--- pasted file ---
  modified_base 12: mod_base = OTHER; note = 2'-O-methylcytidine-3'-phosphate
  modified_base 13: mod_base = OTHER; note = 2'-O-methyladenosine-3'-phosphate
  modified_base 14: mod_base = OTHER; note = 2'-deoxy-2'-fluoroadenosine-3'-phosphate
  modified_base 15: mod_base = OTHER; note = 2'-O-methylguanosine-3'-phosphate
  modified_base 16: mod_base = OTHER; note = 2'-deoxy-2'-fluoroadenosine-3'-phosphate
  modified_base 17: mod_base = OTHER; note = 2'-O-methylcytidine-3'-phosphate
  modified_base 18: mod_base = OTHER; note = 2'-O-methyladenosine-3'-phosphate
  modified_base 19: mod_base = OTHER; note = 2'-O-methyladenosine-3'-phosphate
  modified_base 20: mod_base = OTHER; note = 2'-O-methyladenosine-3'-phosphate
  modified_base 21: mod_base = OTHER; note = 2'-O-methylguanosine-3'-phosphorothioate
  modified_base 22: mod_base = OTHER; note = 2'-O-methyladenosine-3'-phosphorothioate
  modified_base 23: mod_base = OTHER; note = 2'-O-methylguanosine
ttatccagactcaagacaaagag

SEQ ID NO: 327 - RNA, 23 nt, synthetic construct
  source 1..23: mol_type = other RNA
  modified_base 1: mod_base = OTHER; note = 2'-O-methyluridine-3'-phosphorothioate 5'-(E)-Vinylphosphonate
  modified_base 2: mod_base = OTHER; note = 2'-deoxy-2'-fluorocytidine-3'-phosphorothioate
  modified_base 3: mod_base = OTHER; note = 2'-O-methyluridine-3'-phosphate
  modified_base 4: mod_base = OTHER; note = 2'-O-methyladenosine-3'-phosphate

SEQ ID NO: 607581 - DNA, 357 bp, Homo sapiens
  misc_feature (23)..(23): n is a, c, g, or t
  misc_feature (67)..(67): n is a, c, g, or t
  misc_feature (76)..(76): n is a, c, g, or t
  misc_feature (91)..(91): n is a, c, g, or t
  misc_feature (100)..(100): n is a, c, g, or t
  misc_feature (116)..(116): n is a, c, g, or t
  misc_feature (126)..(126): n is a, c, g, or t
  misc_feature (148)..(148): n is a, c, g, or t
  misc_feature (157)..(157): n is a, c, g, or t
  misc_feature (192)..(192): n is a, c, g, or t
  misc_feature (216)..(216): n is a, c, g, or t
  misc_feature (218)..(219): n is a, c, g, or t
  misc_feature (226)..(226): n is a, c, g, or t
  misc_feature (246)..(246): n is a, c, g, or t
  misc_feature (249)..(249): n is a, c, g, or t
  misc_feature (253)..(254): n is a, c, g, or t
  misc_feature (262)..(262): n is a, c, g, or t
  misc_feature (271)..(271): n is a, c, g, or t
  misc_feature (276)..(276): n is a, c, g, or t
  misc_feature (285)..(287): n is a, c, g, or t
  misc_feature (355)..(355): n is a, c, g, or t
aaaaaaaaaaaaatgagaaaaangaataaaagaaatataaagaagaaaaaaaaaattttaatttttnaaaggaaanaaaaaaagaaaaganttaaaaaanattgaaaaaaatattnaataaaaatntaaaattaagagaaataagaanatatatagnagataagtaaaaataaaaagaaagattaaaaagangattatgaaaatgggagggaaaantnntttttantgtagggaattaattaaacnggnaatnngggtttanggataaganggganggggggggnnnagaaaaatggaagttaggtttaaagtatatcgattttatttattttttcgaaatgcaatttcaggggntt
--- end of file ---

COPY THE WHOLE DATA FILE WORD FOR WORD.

  modified_base 12: mod_base = OTHER; note = 2'-O-methylcytidine-3'-phosphate
  modified_base 13: mod_base = OTHER; note = 2'-O-methyladenosine-3'-phosphate
  modified_base 14: mod_base = OTHER; note = 2'-deoxy-2'-fluoroadenosine-3'-phosphate
  modified_base 15: mod_base = OTHER; note = 2'-O-methylguanosine-3'-phosphate
  modified_base 16: mod_base = OTHER; note = 2'-deoxy-2'-fluoroadenosine-3'-phosphate
  modified_base 17: mod_base = OTHER; note = 2'-O-methylcytidine-3'-phosphate
  modified_base 18: mod_base = OTHER; note = 2'-O-methyladenosine-3'-phosphate
  modified_base 19: mod_base = OTHER; note = 2'-O-methyladenosine-3'-phosphate
  modified_base 20: mod_base = OTHER; note = 2'-O-methyladenosine-3'-phosphate
  modified_base 21: mod_base = OTHER; note = 2'-O-methylguanosine-3'-phosphorothioate
  modified_base 22: mod_base = OTHER; note = 2'-O-methyladenosine-3'-phosphorothioate
  modified_base 23: mod_base = OTHER; note = 2'-O-methylguanosine
ttatccagactcaagacaaagag

SEQ ID NO: 327 - RNA, 23 nt, synthetic construct
  source 1..23: mol_type = other RNA
  modified_base 1: mod_base = OTHER; note = 2'-O-methyluridine-3'-phosphorothioate 5'-(E)-Vinylphosphonate
  modified_base 2: mod_base = OTHER; note = 2'-deoxy-2'-fluorocytidine-3'-phosphorothioate
  modified_base 3: mod_base = OTHER; note = 2'-O-methyluridine-3'-phosphate
  modified_base 4: mod_base = OTHER; note = 2'-O-methyladenosine-3'-phosphate

SEQ ID NO: 607581 - DNA, 357 bp, Homo sapiens
  misc_feature (23)..(23): n is a, c, g, or t
  misc_feature (67)..(67): n is a, c, g, or t
  misc_feature (76)..(76): n is a, c, g, or t
  misc_feature (91)..(91): n is a, c, g, or t
  misc_feature (100)..(100): n is a, c, g, or t
  misc_feature (116)..(116): n is a, c, g, or t
  misc_feature (126)..(126): n is a, c, g, or t
  misc_feature (148)..(148): n is a, c, g, or t
  misc_feature (157)..(157): n is a, c, g, or t
  misc_feature (192)..(192): n is a, c, g, or t
  misc_feature (216)..(216): n is a, c, g, or t
  misc_feature (218)..(219): n is a, c, g, or t
  misc_feature (226)..(226): n is a, c, g, or t
  misc_feature (246)..(246): n is a, c, g, or t
  misc_feature (249)..(249): n is a, c, g, or t
  misc_feature (253)..(254): n is a, c, g, or t
  misc_feature (262)..(262): n is a, c, g, or t
  misc_feature (271)..(271): n is a, c, g, or t
  misc_feature (276)..(276): n is a, c, g, or t
  misc_feature (285)..(287): n is a, c, g, or t
  misc_feature (355)..(355): n is a, c, g, or t
aaaaaaaaaaaaatgagaaaaangaataaaagaaatataaagaagaaaaaaaaaattttaatttttnaaaggaaanaaaaaaagaaaaganttaaaaaanattgaaaaaaatattnaataaaaatntaaaattaagagaaataagaanatatatagnagataagtaaaaataaaaagaaagattaaaaagangattatgaaaatgggagggaaaantnntttttantgtagggaattaattaaacnggnaatnngggtttanggataaganggganggggggggnnnagaaaaatggaagttaggtttaaagtatatcgattttatttattttttcgaaatgcaatttcaggggntt